These changes will help keep it competitive against foreign missiles like MBDA UK’s AIM-132 ASRAAM, RAFAEL of Israel’s Python 5, the multinational German-led IRIS-T, and Russia’s R73/ AA-11 Archer. So far, only American fighter types can use AIM-9X missiles, but that hasn’t stopped a slew of export requests and sales, especially in the Middle East.
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Aug 11, 2016 00:56 UTC
An agreement between the Pentagon and Seoul will see the transfer of a crucial GPS component
for the Taurus cruise missile, paving the way for its operation by RoKAF F-15K fighters. It's expected that the Taurus will be delivered and in use by the end of the year. Dubbed as a "jamming proof" air-to-ground guided missile, the decision to allow Taurus exports to South Korea comes as North Korea flexes its muscles with ballistic missile tests.
F-15K Poster: apropos?
The Republic of Korea Air Force (ROKAF) originally planned to buy 120 advanced, high-end fighters as its next-generation platform, in order to replace its existing fleet of F-4 Phantom IIs and other aircraft. So far, it has bought 60 fighters in 2 phases. Back in 2002, the South Koreans picked the advanced F-15K derivative of the F-15E Strike Eagle for its F-X Next Generation Fighter Program, and bought 40. In 2008, a 2nd F-X Phase II contract was signed for 20 more F-15ks, with slight modifications.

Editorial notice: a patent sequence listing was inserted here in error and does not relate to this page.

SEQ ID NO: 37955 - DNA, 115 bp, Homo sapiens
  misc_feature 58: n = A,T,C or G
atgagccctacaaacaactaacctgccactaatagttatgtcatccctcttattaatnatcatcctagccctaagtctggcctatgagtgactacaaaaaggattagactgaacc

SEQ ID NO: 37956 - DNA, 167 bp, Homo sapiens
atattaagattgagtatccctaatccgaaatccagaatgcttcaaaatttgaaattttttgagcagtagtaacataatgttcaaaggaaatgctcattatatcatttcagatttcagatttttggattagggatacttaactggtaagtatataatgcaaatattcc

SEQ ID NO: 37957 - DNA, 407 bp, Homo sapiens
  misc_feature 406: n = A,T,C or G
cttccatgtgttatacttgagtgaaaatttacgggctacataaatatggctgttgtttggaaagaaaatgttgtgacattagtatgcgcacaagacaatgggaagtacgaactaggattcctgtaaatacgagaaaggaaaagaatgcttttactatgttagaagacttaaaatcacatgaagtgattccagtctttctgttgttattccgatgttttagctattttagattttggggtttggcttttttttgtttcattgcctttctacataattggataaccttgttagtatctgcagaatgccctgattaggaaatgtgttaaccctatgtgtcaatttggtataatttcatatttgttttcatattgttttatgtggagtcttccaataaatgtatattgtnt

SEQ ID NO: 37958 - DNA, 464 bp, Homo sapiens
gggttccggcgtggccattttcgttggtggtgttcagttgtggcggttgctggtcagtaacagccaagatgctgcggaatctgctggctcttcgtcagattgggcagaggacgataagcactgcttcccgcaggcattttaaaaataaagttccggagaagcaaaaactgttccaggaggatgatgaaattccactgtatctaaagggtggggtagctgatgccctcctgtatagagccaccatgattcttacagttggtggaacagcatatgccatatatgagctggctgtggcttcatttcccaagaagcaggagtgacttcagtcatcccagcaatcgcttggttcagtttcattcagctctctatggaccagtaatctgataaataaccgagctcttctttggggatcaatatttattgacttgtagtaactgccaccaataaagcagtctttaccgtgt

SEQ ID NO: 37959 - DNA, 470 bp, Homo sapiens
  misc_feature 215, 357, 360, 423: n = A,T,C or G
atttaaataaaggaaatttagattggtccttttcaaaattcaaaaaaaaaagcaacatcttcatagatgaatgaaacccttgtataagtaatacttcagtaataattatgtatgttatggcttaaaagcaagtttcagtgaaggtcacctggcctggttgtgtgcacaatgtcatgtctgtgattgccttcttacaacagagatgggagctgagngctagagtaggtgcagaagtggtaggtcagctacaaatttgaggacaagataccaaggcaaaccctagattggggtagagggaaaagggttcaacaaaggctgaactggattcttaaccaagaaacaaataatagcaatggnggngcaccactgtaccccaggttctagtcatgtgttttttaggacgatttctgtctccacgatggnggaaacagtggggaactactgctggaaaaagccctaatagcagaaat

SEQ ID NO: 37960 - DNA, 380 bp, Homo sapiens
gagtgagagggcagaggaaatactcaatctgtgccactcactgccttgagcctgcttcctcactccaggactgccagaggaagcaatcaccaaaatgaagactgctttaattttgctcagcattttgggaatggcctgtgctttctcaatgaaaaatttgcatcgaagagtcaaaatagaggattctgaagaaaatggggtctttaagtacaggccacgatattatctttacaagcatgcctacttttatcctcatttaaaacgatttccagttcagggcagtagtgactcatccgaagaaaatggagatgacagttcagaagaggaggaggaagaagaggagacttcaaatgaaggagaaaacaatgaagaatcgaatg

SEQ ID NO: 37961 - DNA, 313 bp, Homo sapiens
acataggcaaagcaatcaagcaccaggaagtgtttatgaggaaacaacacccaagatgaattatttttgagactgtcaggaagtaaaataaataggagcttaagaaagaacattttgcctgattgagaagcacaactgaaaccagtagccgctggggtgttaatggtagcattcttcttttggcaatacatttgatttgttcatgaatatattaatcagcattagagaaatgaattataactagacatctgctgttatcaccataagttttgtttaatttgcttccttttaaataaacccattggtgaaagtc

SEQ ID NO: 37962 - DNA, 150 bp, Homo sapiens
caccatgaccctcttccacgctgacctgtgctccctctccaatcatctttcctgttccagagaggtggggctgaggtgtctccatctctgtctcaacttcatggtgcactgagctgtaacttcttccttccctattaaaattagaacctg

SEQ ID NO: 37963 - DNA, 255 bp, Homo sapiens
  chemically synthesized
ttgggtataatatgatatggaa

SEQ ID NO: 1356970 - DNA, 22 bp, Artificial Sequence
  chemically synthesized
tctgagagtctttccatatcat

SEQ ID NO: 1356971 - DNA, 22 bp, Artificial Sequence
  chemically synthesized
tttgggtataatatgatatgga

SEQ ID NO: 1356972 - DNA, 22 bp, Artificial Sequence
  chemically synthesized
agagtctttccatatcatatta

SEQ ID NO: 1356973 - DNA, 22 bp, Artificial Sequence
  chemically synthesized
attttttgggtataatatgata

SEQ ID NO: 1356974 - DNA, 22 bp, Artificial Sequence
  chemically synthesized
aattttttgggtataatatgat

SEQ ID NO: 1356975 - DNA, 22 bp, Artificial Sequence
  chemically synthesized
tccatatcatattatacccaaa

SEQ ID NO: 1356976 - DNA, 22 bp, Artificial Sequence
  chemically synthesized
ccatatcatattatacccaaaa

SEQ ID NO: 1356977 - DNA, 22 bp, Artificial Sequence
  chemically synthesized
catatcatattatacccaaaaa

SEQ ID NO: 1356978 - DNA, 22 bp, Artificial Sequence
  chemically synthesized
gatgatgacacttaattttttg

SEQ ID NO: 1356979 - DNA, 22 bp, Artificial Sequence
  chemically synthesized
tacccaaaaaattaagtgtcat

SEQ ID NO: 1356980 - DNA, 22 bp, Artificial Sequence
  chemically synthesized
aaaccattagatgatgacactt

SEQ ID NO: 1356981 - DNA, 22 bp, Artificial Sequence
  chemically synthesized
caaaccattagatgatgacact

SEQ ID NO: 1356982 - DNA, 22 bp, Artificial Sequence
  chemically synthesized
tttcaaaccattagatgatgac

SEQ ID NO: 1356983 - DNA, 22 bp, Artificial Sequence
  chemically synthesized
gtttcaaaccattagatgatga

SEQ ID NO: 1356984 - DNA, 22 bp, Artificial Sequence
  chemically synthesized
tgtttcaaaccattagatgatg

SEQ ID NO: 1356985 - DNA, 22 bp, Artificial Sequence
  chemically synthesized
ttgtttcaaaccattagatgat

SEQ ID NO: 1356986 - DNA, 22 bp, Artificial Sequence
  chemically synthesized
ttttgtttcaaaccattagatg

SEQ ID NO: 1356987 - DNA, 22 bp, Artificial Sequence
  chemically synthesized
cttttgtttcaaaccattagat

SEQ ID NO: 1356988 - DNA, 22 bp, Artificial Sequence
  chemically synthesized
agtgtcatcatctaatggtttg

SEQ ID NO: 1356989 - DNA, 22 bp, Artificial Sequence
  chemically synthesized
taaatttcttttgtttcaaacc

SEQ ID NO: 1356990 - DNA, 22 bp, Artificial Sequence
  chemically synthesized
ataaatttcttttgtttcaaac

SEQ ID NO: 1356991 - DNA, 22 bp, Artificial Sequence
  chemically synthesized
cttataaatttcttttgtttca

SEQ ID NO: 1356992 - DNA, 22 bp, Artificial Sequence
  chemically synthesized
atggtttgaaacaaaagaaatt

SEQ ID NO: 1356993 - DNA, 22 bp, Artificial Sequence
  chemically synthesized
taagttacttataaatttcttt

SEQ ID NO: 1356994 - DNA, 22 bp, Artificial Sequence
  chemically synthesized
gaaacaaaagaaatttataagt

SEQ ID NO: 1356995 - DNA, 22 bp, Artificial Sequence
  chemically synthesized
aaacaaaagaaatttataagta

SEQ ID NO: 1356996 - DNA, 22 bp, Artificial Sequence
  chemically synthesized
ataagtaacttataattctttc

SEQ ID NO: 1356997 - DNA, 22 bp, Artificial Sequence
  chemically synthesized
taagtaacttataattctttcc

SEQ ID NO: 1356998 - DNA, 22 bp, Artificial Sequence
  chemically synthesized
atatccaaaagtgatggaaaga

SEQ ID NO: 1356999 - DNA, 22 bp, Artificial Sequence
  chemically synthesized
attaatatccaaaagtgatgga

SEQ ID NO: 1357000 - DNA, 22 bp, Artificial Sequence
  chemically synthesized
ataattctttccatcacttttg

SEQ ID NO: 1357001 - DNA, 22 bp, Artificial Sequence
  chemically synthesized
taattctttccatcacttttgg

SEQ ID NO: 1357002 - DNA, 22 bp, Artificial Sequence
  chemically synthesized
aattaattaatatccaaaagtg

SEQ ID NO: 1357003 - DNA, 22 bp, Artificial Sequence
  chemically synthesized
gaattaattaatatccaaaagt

As the 3rd phase loomed, the question was whether it will be a variant of their existing fleet, or something new. While the Defense Acquisition Program Administration (DAPA) dreamed of developing their own “5th generation” aircraft for Phase 3, reality eventually had its say. Now, foreign manufacturers are offering the ROKAF a number of off-the-shelf options. But throughout 2013 DAPA couldn’t seem to be able to reconcile the air force’s desire for advanced technology with its budget constraints. Boeing seemed on the edge of winning with its F15-SEs as the sole contender within budget, only to be rejected by the end of September 2013. This reopened the tender with Lockheed Martin’s F-35 as the likely favorite, a choice which was confirmed as 2014 unfolded.